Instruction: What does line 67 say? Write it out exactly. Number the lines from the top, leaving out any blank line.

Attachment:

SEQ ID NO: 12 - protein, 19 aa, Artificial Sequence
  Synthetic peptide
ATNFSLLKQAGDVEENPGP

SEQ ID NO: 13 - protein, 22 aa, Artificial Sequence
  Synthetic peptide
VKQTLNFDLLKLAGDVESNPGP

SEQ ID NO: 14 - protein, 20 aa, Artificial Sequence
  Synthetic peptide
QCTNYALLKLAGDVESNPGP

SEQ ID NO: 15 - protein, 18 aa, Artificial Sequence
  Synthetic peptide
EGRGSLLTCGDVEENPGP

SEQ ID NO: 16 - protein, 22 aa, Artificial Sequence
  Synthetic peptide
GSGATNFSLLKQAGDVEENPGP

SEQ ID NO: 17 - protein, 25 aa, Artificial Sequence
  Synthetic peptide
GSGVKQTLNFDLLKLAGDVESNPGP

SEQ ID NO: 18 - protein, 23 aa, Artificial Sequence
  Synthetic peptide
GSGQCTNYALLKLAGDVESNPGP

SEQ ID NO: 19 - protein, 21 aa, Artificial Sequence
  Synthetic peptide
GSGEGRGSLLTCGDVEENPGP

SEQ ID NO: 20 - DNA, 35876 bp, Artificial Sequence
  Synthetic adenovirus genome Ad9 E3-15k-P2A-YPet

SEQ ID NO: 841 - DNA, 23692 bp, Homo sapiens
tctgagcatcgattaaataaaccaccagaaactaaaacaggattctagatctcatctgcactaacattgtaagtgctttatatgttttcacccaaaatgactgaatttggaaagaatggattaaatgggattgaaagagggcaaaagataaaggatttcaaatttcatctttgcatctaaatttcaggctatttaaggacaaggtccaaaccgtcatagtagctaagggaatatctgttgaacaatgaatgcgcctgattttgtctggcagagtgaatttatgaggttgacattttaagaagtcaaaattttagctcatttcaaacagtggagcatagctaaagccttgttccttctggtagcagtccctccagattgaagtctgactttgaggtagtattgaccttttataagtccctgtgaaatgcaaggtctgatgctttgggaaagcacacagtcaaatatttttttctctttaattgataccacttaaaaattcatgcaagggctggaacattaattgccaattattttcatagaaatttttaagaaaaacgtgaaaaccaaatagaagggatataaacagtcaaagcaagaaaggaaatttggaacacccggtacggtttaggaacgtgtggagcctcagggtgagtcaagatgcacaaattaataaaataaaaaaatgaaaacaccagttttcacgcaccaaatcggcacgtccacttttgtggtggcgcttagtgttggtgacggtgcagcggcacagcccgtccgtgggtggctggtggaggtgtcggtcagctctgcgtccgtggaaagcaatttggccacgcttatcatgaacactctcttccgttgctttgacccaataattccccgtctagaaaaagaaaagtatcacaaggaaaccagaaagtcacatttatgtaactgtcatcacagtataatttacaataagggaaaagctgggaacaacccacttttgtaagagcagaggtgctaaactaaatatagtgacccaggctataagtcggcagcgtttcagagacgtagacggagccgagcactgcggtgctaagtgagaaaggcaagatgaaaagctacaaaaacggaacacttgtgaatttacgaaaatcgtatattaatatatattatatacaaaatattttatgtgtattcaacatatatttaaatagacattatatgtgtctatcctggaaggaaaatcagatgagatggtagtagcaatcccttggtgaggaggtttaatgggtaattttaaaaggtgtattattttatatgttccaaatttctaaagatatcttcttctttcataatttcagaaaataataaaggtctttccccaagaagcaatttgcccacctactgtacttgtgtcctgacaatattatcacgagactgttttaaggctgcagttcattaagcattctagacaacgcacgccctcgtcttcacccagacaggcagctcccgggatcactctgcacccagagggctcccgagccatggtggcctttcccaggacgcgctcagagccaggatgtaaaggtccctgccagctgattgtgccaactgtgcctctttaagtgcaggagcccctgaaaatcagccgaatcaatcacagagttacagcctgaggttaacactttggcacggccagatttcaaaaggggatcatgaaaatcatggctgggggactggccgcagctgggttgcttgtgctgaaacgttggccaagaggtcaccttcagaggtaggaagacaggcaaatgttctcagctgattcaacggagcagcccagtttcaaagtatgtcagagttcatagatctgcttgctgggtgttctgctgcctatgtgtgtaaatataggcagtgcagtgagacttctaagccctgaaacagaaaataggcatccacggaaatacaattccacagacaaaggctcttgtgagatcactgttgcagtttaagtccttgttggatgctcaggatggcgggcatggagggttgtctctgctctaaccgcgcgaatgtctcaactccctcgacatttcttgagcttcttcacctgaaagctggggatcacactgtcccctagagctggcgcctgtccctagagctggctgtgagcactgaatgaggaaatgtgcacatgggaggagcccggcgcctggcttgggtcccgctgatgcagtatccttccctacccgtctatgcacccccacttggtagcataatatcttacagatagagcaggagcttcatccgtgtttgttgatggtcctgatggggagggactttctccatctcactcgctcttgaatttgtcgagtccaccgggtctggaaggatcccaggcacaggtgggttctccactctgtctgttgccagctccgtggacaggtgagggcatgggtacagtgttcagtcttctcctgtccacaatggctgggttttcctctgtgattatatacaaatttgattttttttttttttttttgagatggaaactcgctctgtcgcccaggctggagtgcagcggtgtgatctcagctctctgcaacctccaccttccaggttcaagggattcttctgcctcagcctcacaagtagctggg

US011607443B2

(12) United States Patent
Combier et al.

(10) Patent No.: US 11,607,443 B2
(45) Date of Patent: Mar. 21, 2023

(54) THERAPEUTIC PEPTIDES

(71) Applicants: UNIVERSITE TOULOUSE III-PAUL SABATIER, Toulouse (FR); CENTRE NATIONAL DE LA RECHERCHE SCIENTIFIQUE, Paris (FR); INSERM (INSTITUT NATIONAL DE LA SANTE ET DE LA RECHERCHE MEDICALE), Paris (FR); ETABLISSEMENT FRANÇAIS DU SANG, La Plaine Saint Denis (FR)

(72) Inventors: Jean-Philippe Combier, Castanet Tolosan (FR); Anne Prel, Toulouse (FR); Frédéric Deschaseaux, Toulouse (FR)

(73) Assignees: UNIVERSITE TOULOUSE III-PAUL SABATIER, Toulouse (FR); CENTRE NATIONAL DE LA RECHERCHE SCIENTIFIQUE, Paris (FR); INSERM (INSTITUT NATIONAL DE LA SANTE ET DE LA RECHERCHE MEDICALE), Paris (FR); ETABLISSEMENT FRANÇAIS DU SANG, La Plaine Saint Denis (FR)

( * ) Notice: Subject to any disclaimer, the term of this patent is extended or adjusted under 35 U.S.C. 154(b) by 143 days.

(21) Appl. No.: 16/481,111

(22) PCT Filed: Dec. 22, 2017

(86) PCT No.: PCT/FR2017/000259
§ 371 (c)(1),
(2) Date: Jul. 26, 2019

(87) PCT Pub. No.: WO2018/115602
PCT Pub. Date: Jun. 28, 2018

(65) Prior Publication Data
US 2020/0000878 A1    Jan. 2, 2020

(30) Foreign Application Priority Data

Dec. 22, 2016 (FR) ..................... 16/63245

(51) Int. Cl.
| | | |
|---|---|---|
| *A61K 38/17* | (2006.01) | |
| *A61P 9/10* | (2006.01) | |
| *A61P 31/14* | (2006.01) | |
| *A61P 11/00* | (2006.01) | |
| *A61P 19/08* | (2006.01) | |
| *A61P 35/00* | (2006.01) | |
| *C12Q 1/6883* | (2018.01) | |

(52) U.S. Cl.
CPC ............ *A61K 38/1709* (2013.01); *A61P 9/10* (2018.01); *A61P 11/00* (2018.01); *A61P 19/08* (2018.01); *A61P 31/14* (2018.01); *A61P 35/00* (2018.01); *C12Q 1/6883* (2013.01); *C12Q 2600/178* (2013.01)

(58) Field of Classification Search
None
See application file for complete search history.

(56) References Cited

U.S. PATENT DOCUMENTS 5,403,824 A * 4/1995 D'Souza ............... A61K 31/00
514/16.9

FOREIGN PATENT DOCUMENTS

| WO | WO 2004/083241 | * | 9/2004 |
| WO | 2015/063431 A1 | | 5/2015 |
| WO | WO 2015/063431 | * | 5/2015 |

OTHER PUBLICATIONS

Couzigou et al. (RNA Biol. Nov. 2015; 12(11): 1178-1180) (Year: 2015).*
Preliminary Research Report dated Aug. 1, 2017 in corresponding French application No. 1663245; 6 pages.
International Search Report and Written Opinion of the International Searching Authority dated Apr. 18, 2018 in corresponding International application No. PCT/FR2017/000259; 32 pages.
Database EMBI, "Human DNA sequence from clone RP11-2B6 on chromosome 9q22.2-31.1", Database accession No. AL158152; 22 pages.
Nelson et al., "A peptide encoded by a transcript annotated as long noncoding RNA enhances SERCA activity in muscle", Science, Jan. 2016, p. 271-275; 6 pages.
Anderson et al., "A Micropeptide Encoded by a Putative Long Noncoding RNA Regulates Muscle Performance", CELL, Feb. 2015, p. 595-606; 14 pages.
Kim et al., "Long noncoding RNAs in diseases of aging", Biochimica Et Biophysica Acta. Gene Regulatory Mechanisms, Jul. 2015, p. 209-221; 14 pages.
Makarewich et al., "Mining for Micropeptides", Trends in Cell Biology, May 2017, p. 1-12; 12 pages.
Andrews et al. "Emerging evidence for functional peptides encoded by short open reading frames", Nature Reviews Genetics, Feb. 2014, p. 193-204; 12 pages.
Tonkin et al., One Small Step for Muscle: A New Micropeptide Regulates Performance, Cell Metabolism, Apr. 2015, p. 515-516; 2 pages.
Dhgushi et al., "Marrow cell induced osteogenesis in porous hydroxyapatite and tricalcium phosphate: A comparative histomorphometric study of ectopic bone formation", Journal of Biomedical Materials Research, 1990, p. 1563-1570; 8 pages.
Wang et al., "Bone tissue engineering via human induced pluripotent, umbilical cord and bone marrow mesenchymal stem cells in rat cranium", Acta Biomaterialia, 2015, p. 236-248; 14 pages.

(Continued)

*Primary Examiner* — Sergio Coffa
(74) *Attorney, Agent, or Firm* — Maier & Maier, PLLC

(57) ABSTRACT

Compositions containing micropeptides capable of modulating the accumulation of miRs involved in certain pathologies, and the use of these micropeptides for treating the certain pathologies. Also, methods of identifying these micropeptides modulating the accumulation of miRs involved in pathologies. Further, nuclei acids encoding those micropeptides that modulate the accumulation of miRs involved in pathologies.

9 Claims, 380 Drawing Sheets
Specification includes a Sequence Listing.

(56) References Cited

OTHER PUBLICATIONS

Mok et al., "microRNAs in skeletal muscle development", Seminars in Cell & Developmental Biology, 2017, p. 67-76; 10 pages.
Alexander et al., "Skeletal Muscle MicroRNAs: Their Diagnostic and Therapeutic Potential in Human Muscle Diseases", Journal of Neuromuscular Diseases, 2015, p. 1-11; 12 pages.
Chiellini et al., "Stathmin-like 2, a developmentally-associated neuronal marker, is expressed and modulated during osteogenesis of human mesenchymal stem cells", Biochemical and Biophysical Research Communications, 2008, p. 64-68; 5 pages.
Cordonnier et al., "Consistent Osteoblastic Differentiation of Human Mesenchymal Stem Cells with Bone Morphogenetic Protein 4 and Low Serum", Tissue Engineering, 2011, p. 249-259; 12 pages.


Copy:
514/16.9